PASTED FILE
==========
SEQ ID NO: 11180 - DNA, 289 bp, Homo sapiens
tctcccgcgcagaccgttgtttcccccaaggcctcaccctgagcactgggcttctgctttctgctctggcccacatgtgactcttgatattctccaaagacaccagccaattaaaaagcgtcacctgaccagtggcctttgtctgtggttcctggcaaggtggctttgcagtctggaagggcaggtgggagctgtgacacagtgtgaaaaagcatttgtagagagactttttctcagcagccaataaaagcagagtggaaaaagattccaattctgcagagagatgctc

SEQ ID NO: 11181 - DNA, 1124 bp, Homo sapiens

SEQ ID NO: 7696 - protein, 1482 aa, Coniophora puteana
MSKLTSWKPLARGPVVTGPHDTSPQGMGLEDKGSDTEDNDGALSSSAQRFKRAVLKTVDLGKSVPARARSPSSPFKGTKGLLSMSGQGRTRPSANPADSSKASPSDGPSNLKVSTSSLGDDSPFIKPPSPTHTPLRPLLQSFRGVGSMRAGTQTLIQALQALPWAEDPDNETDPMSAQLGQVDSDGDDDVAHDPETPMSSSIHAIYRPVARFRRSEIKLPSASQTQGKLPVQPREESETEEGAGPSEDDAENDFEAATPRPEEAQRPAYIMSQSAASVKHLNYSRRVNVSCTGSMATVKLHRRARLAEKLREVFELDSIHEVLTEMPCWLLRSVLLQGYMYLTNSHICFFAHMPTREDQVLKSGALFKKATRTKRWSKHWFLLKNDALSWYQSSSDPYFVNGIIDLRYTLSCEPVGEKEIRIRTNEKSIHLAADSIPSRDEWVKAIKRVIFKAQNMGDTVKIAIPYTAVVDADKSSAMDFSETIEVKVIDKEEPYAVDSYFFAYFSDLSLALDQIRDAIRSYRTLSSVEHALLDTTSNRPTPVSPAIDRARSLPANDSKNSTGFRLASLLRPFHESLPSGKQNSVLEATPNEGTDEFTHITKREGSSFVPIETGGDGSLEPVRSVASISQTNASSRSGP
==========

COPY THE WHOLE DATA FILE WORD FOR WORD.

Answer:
SEQ ID NO: 11180 - DNA, 289 bp, Homo sapiens
tctcccgcgcagaccgttgtttcccccaaggcctcaccctgagcactgggcttctgctttctgctctggcccacatgtgactcttgatattctccaaagacaccagccaattaaaaagcgtcacctgaccagtggcctttgtctgtggttcctggcaaggtggctttgcagtctggaagggcaggtgggagctgtgacacagtgtgaaaaagcatttgtagagagactttttctcagcagccaataaaagcagagtggaaaaagattccaattctgcagagagatgctc

SEQ ID NO: 11181 - DNA, 1124 bp, Homo sapiens

SEQ ID NO: 7696 - protein, 1482 aa, Coniophora puteana
MSKLTSWKPLARGPVVTGPHDTSPQGMGLEDKGSDTEDNDGALSSSAQRFKRAVLKTVDLGKSVPARARSPSSPFKGTKGLLSMSGQGRTRPSANPADSSKASPSDGPSNLKVSTSSLGDDSPFIKPPSPTHTPLRPLLQSFRGVGSMRAGTQTLIQALQALPWAEDPDNETDPMSAQLGQVDSDGDDDVAHDPETPMSSSIHAIYRPVARFRRSEIKLPSASQTQGKLPVQPREESETEEGAGPSEDDAENDFEAATPRPEEAQRPAYIMSQSAASVKHLNYSRRVNVSCTGSMATVKLHRRARLAEKLREVFELDSIHEVLTEMPCWLLRSVLLQGYMYLTNSHICFFAHMPTREDQVLKSGALFKKATRTKRWSKHWFLLKNDALSWYQSSSDPYFVNGIIDLRYTLSCEPVGEKEIRIRTNEKSIHLAADSIPSRDEWVKAIKRVIFKAQNMGDTVKIAIPYTAVVDADKSSAMDFSETIEVKVIDKEEPYAVDSYFFAYFSDLSLALDQIRDAIRSYRTLSSVEHALLDTTSNRPTPVSPAIDRARSLPANDSKNSTGFRLASLLRPFHESLPSGKQNSVLEATPNEGTDEFTHITKREGSSFVPIETGGDGSLEPVRSVASISQTNASSRSGP